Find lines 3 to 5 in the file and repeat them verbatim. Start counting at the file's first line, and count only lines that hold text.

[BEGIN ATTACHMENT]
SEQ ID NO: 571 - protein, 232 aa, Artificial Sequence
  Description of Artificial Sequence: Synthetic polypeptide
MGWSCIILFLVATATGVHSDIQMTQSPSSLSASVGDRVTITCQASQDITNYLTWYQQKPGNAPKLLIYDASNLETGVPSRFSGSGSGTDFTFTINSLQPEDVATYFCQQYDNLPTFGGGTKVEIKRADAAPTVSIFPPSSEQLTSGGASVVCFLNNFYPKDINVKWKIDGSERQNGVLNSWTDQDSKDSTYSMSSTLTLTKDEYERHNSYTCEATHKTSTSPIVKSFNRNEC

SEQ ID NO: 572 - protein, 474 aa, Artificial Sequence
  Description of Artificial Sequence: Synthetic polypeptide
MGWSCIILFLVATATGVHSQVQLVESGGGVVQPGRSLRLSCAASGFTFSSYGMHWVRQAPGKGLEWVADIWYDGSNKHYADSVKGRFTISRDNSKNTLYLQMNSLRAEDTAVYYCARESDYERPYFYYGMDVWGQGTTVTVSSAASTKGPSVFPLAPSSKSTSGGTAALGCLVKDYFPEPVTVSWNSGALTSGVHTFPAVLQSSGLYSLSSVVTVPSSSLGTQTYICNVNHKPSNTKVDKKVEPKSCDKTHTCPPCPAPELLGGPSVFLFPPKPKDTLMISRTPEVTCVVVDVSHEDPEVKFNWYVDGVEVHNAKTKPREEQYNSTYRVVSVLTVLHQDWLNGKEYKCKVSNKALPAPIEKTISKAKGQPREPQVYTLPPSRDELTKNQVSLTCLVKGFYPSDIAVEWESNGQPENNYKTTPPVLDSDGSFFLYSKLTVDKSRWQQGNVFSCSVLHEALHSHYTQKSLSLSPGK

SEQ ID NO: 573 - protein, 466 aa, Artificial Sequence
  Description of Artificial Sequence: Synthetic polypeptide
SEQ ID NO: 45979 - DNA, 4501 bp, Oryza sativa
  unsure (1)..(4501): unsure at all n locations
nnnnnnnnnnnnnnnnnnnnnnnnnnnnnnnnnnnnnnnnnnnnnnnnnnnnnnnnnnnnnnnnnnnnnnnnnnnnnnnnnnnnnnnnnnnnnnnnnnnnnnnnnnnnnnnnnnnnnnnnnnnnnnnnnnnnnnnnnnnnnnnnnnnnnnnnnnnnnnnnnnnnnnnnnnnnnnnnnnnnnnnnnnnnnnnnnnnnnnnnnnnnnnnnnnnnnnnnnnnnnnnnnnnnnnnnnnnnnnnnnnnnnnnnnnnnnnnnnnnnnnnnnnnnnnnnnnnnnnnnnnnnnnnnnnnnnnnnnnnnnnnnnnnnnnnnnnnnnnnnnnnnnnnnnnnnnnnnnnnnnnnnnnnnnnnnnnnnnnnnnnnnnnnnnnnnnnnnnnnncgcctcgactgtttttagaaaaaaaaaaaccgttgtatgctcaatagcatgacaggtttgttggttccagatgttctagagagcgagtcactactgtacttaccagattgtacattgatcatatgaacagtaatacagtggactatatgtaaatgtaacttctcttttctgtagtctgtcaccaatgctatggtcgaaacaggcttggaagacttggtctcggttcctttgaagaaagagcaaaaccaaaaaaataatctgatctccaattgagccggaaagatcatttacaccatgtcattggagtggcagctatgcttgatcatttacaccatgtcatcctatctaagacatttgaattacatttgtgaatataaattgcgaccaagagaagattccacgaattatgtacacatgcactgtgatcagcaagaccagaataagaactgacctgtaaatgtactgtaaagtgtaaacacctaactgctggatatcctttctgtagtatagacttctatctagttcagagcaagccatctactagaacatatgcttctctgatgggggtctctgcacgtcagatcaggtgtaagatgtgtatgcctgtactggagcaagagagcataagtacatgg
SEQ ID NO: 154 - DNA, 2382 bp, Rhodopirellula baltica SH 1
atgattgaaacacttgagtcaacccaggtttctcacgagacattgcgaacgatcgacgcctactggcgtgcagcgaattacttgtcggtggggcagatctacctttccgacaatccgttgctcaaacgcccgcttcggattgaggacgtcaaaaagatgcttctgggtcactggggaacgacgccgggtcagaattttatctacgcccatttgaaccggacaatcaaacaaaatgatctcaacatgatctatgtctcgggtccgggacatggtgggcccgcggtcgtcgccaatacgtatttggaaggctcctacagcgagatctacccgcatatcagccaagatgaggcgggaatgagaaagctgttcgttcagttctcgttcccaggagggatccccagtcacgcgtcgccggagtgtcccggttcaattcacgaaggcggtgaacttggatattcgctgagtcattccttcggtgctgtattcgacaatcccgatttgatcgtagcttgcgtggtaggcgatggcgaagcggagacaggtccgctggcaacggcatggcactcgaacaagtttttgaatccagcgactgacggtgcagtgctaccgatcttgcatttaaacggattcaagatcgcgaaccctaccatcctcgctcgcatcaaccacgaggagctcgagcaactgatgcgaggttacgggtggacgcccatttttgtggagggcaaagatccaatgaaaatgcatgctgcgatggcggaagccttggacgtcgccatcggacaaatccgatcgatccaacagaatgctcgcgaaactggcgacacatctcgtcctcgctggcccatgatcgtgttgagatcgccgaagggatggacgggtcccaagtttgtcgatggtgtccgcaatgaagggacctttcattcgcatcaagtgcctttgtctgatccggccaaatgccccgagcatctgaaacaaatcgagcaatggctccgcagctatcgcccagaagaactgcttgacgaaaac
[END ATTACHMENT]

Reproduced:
MGWSCIILFLVATATGVHSDIQMTQSPSSLSASVGDRVTITCQASQDITNYLTWYQQKPGNAPKLLIYDASNLETGVPSRFSGSGSGTDFTFTINSLQPEDVATYFCQQYDNLPTFGGGTKVEIKRADAAPTVSIFPPSSEQLTSGGASVVCFLNNFYPKDINVKWKIDGSERQNGVLNSWTDQDSKDSTYSMSSTLTLTKDEYERHNSYTCEATHKTSTSPIVKSFNRNEC

SEQ ID NO: 572 - protein, 474 aa, Artificial Sequence
  Description of Artificial Sequence: Synthetic polypeptide